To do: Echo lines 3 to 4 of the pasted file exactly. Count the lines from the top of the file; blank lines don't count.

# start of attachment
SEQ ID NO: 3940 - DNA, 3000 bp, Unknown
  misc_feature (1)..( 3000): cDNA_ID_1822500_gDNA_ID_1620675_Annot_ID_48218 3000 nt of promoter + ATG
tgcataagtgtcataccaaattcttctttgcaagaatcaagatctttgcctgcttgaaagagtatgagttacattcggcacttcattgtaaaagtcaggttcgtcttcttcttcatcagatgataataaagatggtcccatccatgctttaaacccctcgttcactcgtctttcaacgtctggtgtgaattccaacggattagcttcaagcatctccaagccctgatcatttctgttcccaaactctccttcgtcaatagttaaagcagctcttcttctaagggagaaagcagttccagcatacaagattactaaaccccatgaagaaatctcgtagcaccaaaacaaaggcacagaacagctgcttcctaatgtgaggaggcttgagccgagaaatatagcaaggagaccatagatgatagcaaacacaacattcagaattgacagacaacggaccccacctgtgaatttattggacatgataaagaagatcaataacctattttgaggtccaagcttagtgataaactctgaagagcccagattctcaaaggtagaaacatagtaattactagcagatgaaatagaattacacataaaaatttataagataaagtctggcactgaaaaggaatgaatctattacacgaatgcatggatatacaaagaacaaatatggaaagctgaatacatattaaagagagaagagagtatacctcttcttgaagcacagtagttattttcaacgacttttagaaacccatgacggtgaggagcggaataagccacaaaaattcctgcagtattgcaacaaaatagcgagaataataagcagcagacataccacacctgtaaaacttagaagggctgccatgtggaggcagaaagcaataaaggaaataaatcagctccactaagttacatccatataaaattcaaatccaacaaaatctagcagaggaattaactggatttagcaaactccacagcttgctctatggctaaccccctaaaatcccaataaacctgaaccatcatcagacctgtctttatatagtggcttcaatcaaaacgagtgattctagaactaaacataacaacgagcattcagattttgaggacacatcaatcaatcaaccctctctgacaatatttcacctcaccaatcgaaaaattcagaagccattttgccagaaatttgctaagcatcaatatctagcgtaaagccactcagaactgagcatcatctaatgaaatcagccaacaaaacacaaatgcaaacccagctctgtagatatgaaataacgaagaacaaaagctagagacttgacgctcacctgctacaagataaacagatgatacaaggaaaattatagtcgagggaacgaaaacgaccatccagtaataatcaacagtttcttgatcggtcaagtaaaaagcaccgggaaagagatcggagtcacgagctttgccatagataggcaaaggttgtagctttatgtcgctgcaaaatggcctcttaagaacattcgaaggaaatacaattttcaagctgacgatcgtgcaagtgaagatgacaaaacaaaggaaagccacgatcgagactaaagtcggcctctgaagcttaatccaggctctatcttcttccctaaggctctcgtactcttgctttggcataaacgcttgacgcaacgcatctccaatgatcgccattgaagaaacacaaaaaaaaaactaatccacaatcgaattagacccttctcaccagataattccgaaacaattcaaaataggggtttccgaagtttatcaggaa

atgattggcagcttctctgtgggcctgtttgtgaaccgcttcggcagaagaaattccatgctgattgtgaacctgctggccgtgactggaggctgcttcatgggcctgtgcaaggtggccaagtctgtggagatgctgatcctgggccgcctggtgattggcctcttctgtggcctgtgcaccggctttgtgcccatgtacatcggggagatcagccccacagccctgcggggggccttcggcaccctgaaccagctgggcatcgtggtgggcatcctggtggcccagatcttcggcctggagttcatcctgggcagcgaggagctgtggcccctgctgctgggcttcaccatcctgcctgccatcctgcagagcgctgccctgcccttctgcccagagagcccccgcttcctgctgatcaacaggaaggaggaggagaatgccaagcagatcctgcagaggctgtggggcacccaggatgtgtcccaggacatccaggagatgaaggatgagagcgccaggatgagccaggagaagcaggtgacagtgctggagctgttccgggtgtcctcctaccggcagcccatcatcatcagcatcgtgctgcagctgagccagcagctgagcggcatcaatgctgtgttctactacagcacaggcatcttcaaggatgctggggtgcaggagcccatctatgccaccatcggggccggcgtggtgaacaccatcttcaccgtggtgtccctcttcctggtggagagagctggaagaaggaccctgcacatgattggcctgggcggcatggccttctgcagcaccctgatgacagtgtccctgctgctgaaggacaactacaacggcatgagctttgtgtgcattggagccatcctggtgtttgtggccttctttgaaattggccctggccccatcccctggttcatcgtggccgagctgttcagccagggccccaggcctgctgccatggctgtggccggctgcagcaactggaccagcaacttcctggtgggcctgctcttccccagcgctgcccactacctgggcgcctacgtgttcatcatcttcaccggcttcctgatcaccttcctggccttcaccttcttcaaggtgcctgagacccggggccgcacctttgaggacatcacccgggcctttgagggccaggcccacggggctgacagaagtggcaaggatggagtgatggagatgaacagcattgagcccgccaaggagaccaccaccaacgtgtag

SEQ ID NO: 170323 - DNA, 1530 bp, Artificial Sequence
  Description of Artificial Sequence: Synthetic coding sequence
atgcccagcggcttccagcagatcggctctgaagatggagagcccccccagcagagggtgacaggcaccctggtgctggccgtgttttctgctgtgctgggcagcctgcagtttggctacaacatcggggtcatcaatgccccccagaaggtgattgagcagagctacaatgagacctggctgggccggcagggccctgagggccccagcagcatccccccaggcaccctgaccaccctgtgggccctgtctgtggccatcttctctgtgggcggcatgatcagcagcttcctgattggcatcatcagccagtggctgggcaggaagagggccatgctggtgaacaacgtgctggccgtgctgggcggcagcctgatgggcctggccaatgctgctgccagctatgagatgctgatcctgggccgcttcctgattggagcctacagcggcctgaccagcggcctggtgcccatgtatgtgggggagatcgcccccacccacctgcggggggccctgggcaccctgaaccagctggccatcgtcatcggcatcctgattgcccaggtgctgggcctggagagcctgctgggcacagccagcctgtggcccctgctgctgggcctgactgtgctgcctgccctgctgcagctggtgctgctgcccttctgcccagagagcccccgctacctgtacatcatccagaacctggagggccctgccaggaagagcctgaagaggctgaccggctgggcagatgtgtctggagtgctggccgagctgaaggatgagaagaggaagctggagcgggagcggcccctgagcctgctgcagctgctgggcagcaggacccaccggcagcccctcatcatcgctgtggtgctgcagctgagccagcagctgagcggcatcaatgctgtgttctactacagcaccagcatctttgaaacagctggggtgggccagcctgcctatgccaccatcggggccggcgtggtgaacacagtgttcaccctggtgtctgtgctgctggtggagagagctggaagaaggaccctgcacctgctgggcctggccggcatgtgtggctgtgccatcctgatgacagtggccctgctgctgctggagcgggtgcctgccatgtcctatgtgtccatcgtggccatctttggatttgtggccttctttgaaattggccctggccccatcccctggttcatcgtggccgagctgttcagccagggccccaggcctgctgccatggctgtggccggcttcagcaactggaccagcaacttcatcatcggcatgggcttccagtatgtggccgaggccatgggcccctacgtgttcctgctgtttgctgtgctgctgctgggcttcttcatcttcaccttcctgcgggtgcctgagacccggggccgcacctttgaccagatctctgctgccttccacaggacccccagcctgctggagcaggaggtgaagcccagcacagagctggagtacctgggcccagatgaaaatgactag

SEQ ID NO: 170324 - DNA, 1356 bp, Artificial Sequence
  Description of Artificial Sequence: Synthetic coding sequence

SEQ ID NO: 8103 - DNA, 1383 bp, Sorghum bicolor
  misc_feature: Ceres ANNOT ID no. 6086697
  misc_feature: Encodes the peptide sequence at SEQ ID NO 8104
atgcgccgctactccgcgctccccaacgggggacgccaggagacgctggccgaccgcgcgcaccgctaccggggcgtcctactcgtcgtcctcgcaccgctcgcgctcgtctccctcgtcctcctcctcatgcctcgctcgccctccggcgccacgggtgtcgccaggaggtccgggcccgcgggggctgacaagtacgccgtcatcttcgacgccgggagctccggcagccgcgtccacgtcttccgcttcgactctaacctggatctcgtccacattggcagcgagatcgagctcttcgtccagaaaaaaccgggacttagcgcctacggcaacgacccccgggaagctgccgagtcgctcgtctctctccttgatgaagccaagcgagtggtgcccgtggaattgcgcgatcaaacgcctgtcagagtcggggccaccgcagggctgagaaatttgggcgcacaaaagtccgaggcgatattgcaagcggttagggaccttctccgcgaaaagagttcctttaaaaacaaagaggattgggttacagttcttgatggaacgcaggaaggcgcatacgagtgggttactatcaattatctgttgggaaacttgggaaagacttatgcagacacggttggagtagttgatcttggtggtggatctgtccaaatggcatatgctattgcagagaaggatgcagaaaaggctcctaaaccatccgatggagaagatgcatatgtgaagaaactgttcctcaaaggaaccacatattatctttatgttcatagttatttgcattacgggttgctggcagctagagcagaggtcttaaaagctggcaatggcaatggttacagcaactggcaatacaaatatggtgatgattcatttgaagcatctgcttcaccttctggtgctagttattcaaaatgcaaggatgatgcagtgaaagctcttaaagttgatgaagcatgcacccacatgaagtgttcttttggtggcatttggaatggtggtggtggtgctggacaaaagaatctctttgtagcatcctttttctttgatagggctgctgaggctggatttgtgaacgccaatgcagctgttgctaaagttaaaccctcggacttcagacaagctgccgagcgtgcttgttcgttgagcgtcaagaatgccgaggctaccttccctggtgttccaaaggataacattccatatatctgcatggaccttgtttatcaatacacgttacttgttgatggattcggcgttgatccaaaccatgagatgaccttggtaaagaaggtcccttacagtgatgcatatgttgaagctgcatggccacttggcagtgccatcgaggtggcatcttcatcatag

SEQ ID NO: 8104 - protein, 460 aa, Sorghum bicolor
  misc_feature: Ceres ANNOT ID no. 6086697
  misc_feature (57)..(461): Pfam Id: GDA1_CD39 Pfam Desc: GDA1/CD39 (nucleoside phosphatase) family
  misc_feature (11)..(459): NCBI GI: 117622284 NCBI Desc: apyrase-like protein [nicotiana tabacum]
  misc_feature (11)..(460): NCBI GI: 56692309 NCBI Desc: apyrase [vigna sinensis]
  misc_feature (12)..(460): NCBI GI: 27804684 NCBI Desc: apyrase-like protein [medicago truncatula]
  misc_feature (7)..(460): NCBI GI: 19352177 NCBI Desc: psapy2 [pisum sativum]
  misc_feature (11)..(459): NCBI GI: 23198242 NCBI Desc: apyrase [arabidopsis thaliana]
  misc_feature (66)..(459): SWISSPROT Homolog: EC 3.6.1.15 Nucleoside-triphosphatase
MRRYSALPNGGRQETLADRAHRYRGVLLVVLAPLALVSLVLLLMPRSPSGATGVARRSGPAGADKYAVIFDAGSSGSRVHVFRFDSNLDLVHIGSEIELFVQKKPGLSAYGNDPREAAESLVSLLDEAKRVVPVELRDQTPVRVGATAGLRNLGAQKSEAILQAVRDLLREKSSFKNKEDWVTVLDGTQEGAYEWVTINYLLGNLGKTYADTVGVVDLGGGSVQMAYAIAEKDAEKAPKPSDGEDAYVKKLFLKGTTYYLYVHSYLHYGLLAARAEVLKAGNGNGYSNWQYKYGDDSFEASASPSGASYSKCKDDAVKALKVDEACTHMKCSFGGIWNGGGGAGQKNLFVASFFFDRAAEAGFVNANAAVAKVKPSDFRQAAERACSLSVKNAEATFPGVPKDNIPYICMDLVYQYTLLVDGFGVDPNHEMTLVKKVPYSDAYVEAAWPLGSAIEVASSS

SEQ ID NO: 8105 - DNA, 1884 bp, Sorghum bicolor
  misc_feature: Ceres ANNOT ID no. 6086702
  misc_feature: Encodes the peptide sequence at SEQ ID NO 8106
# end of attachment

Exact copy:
tgcataagtgtcataccaaattcttctttgcaagaatcaagatctttgcctgcttgaaagagtatgagttacattcggcacttcattgtaaaagtcaggttcgtcttcttcttcatcagatgataataaagatggtcccatccatgctttaaacccctcgttcactcgtctttcaacgtctggtgtgaattccaacggattagcttcaagcatctccaagccctgatcatttctgttcccaaactctccttcgtcaatagttaaagcagctcttcttctaagggagaaagcagttccagcatacaagattactaaaccccatgaagaaatctcgtagcaccaaaacaaaggcacagaacagctgcttcctaatgtgaggaggcttgagccgagaaatatagcaaggagaccatagatgatagcaaacacaacattcagaattgacagacaacggaccccacctgtgaatttattggacatgataaagaagatcaataacctattttgaggtccaagcttagtgataaactctgaagagcccagattctcaaaggtagaaacatagtaattactagcagatgaaatagaattacacataaaaatttataagataaagtctggcactgaaaaggaatgaatctattacacgaatgcatggatatacaaagaacaaatatggaaagctgaatacatattaaagagagaagagagtatacctcttcttgaagcacagtagttattttcaacgacttttagaaacccatgacggtgaggagcggaataagccacaaaaattcctgcagtattgcaacaaaatagcgagaataataagcagcagacataccacacctgtaaaacttagaagggctgccatgtggaggcagaaagcaataaaggaaataaatcagctccactaagttacatccatataaaattcaaatccaacaaaatctagcagaggaattaactggatttagcaaactccacagcttgctctatggctaaccccctaaaatcccaataaacctgaaccatcatcagacctgtctttatatagtggcttcaatcaaaacgagtgattctagaactaaacataacaacgagcattcagattttgaggacacatcaatcaatcaaccctctctgacaatatttcacctcaccaatcgaaaaattcagaagccattttgccagaaatttgctaagcatcaatatctagcgtaaagccactcagaactgagcatcatctaatgaaatcagccaacaaaacacaaatgcaaacccagctctgtagatatgaaataacgaagaacaaaagctagagacttgacgctcacctgctacaagataaacagatgatacaaggaaaattatagtcgagggaacgaaaacgaccatccagtaataatcaacagtttcttgatcggtcaagtaaaaagcaccgggaaagagatcggagtcacgagctttgccatagataggcaaaggttgtagctttatgtcgctgcaaaatggcctcttaagaacattcgaaggaaatacaattttcaagctgacgatcgtgcaagtgaagatgacaaaacaaaggaaagccacgatcgagactaaagtcggcctctgaagcttaatccaggctctatcttcttccctaaggctctcgtactcttgctttggcataaacgcttgacgcaacgcatctccaatgatcgccattgaagaaacacaaaaaaaaaactaatccacaatcgaattagacccttctcaccagataattccgaaacaattcaaaataggggtttccgaagtttatcaggaa

atgattggcagcttctctgtgggcctgtttgtgaaccgcttcggcagaagaaattccatgctgattgtgaacctgctggccgtgactggaggctgcttcatgggcctgtgcaaggtggccaagtctgtggagatgctgatcctgggccgcctggtgattggcctcttctgtggcctgtgcaccggctttgtgcccatgtacatcggggagatcagccccacagccctgcggggggccttcggcaccctgaaccagctgggcatcgtggtgggcatcctggtggcccagatcttcggcctggagttcatcctgggcagcgaggagctgtggcccctgctgctgggcttcaccatcctgcctgccatcctgcagagcgctgccctgcccttctgcccagagagcccccgcttcctgctgatcaacaggaaggaggaggagaatgccaagcagatcctgcagaggctgtggggcacccaggatgtgtcccaggacatccaggagatgaaggatgagagcgccaggatgagccaggagaagcaggtgacagtgctggagctgttccgggtgtcctcctaccggcagcccatcatcatcagcatcgtgctgcagctgagccagcagctgagcggcatcaatgctgtgttctactacagcacaggcatcttcaaggatgctggggtgcaggagcccatctatgccaccatcggggccggcgtggtgaacaccatcttcaccgtggtgtccctcttcctggtggagagagctggaagaaggaccctgcacatgattggcctgggcggcatggccttctgcagcaccctgatgacagtgtccctgctgctgaaggacaactacaacggcatgagctttgtgtgcattggagccatcctggtgtttgtggccttctttgaaattggccctggccccatcccctggttcatcgtggccgagctgttcagccagggccccaggcctgctgccatggctgtggccggctgcagcaactggaccagcaacttcctggtgggcctgctcttccccagcgctgcccactacctgggcgcctacgtgttcatcatcttcaccggcttcctgatcaccttcctggccttcaccttcttcaaggtgcctgagacccggggccgcacctttgaggacatcacccgggcctttgagggccaggcccacggggctgacagaagtggcaaggatggagtgatggagatgaacagcattgagcccgccaaggagaccaccaccaacgtgtag